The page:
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  5. "Auf Dauer läuft er nicht."


"Auf Dauer läuft er nicht."

January 10, 2013



freecity: "Auf Dauer" is an expression meaning "In the long run". The rest should be simple to understand.


The problem is that it doesn't flow well in English. "In the long run" is only used as an idiom, and not when referring to long distance races.


Is it possible to translate "auf Dauer" as "on endurance" or something similar?


Anyone could explain the meaning of this sentence?


In the long run often refers to the ambiguous future in which events turn out to be this way or that way....

"he doesn't run in the long term" probably means that there is an irreversible damage to his body and that he could never be able to run again. Or he was considering the race for a long time but in the end he didn't as philster043 points out.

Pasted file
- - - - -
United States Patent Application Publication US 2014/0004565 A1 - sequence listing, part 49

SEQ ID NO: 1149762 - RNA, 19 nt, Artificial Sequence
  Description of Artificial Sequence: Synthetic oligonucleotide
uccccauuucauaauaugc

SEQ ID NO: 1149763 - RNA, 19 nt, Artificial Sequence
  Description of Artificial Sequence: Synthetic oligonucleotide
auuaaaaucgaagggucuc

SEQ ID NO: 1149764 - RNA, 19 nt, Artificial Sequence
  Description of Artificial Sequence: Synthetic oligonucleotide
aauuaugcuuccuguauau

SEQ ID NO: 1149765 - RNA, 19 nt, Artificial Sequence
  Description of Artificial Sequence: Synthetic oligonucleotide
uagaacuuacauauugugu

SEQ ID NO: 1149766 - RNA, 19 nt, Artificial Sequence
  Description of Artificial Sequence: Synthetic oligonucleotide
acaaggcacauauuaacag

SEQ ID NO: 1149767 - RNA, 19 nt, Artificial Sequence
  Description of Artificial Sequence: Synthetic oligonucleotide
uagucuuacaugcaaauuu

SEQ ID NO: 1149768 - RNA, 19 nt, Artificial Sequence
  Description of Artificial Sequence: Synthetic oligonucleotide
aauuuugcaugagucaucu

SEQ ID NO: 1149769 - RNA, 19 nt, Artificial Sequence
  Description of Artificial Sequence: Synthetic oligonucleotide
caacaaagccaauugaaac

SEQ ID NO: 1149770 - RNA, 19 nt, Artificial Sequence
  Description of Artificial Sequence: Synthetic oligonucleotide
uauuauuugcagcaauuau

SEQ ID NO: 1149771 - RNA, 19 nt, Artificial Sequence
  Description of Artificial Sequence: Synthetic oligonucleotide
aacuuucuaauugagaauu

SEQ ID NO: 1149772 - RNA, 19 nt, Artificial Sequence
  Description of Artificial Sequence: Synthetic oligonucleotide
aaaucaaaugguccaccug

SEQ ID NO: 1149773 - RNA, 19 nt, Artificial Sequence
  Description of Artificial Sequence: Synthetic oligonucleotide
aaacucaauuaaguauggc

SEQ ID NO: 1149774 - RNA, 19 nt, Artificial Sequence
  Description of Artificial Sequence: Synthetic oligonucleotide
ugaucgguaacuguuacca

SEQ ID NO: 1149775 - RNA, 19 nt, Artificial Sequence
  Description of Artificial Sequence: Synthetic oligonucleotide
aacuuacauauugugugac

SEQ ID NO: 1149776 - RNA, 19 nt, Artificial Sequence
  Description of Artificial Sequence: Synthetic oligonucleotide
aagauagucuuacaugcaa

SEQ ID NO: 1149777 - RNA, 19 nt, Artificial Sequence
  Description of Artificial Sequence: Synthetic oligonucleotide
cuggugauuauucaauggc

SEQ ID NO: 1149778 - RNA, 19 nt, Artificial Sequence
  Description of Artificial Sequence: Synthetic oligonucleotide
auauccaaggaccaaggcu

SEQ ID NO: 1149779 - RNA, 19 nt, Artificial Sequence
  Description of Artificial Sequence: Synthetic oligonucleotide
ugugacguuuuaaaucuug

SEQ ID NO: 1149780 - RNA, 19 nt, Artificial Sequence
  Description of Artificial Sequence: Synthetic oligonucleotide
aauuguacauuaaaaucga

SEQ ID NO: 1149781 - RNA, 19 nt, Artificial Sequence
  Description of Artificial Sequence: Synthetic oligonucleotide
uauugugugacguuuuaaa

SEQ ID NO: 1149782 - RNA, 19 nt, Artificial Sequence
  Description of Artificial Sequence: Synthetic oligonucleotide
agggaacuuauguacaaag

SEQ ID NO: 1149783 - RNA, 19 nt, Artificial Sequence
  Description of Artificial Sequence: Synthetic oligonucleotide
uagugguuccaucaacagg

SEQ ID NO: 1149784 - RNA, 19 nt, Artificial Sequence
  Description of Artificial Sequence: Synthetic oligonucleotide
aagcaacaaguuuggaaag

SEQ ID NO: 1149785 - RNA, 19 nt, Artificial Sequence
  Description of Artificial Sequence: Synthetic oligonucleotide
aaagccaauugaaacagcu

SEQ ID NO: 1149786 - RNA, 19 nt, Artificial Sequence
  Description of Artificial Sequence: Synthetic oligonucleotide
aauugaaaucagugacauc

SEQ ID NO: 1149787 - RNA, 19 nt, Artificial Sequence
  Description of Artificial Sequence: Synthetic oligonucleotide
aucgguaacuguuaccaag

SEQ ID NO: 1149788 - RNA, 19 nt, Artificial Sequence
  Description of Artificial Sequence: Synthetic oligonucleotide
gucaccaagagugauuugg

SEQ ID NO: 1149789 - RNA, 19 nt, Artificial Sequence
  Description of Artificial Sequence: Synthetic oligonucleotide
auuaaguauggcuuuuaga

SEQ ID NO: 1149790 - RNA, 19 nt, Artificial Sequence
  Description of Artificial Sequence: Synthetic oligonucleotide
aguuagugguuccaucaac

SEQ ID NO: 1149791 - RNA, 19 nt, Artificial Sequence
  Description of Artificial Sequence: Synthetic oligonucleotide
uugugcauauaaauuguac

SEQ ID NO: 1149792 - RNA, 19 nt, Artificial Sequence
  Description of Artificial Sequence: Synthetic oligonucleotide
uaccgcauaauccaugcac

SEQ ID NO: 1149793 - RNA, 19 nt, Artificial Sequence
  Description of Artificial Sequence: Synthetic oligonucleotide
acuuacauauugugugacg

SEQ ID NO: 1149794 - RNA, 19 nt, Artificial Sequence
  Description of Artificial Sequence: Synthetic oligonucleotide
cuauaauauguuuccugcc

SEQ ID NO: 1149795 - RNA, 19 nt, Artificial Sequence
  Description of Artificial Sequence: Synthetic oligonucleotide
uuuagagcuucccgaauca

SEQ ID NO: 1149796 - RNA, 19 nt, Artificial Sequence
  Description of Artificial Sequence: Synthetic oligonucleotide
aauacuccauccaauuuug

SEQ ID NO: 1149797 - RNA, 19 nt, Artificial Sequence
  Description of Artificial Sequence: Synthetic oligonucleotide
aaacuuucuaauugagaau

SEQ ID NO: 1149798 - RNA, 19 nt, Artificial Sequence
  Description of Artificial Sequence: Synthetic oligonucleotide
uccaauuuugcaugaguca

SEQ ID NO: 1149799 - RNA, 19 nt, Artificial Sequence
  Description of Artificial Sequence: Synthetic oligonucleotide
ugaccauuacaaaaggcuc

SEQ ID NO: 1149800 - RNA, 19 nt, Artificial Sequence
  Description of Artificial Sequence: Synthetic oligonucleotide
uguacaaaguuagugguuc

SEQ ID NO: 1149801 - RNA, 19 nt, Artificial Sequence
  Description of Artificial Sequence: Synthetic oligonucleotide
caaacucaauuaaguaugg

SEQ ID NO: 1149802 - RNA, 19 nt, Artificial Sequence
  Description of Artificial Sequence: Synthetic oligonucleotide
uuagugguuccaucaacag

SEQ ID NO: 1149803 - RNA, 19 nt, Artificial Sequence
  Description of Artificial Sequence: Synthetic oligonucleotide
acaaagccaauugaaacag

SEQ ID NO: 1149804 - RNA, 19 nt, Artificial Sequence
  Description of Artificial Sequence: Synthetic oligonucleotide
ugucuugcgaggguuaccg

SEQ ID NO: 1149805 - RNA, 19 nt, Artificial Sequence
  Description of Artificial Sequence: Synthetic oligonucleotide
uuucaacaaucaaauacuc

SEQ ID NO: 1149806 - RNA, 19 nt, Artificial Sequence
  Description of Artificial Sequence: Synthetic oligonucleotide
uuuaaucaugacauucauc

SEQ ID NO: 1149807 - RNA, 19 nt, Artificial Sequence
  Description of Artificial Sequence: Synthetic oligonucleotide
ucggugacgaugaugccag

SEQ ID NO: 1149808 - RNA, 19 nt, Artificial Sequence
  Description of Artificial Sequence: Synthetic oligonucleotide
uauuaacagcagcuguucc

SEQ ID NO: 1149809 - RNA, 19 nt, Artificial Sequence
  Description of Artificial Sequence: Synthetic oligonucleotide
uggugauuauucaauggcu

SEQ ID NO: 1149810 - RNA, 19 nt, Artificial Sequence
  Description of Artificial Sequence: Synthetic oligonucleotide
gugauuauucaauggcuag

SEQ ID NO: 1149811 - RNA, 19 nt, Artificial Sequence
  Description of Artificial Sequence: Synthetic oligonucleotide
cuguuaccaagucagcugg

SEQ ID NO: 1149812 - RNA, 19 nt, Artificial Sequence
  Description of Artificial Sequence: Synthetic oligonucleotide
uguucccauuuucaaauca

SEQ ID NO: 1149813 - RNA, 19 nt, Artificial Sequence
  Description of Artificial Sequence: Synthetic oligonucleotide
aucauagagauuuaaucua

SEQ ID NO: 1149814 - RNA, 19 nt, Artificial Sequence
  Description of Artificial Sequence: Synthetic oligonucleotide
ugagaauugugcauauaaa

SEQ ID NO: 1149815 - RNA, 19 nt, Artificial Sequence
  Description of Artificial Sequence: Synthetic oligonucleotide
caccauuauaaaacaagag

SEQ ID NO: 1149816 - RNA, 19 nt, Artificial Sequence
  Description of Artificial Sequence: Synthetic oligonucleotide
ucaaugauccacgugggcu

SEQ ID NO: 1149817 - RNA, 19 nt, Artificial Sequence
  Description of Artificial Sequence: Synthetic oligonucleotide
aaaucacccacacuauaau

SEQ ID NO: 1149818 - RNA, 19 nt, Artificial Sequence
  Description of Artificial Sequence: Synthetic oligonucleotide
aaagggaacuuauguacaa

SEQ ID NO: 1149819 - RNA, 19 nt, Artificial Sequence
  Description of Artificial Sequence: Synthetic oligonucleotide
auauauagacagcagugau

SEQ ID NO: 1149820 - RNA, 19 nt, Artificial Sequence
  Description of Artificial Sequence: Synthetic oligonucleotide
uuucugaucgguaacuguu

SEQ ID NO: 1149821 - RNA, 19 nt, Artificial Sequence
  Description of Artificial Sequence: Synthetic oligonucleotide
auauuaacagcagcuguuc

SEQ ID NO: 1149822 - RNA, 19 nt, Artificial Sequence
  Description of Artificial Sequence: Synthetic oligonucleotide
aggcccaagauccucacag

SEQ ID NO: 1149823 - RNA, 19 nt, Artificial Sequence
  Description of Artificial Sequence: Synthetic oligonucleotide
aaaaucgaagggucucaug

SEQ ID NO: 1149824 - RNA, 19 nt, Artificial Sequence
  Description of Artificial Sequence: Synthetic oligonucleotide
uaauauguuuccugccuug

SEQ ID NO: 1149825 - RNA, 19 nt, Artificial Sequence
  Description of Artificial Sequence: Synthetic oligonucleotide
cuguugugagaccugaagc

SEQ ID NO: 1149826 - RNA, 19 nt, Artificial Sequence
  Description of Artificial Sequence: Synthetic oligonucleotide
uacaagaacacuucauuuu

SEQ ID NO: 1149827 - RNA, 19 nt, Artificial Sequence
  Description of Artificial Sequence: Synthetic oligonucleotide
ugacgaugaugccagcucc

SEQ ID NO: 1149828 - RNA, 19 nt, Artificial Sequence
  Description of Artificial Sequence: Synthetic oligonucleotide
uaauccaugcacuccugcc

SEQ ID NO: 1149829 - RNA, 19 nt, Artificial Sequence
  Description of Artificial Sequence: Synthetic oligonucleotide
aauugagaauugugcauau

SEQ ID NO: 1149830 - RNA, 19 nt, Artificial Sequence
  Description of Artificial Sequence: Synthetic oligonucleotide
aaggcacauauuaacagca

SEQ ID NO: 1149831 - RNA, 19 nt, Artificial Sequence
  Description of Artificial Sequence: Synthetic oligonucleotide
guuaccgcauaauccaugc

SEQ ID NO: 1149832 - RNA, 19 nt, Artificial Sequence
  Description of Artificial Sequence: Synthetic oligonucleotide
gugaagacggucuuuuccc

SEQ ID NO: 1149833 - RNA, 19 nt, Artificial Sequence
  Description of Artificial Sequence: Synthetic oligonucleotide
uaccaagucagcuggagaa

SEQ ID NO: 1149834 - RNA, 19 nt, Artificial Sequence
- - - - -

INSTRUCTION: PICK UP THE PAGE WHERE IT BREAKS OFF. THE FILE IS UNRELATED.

Still it's not a natural translation.


I translated this "He is not in it for the long run", which as accepted as correct.


Personally interpreted it as an idiom meaning "He's unreliable in the long term". Could be off on that though

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